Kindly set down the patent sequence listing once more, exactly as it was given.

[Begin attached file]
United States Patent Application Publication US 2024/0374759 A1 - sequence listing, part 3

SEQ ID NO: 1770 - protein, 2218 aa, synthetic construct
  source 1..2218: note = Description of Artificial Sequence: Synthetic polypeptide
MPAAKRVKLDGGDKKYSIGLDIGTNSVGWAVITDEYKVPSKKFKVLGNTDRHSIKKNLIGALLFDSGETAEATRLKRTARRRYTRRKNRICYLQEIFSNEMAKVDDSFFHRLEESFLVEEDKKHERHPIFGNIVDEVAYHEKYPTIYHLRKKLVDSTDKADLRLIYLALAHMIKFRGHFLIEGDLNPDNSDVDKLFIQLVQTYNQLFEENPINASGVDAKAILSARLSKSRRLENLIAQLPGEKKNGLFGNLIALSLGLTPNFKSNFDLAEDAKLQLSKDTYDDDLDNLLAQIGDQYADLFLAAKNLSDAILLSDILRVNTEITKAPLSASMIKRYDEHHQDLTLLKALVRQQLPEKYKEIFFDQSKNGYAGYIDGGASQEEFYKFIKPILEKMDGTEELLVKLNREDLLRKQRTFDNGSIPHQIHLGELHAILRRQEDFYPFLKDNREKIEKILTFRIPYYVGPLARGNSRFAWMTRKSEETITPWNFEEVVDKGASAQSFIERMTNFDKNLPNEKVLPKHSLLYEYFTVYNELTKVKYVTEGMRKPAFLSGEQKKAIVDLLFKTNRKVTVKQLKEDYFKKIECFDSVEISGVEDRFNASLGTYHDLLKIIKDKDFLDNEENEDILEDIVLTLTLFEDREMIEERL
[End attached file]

United States Patent Application Publication US 2024/0374759 A1 - sequence listing, part 3

SEQ ID NO: 1770 - protein, 2218 aa, synthetic construct
  source 1..2218: note = Description of Artificial Sequence: Synthetic polypeptide
MPAAKRVKLDGGDKKYSIGLDIGTNSVGWAVITDEYKVPSKKFKVLGNTDRHSIKKNLIGALLFDSGETAEATRLKRTARRRYTRRKNRICYLQEIFSNEMAKVDDSFFHRLEESFLVEEDKKHERHPIFGNIVDEVAYHEKYPTIYHLRKKLVDSTDKADLRLIYLALAHMIKFRGHFLIEGDLNPDNSDVDKLFIQLVQTYNQLFEENPINASGVDAKAILSARLSKSRRLENLIAQLPGEKKNGLFGNLIALSLGLTPNFKSNFDLAEDAKLQLSKDTYDDDLDNLLAQIGDQYADLFLAAKNLSDAILLSDILRVNTEITKAPLSASMIKRYDEHHQDLTLLKALVRQQLPEKYKEIFFDQSKNGYAGYIDGGASQEEFYKFIKPILEKMDGTEELLVKLNREDLLRKQRTFDNGSIPHQIHLGELHAILRRQEDFYPFLKDNREKIEKILTFRIPYYVGPLARGNSRFAWMTRKSEETITPWNFEEVVDKGASAQSFIERMTNFDKNLPNEKVLPKHSLLYEYFTVYNELTKVKYVTEGMRKPAFLSGEQKKAIVDLLFKTNRKVTVKQLKEDYFKKIECFDSVEISGVEDRFNASLGTYHDLLKIIKDKDFLDNEENEDILEDIVLTLTLFEDREMIEERL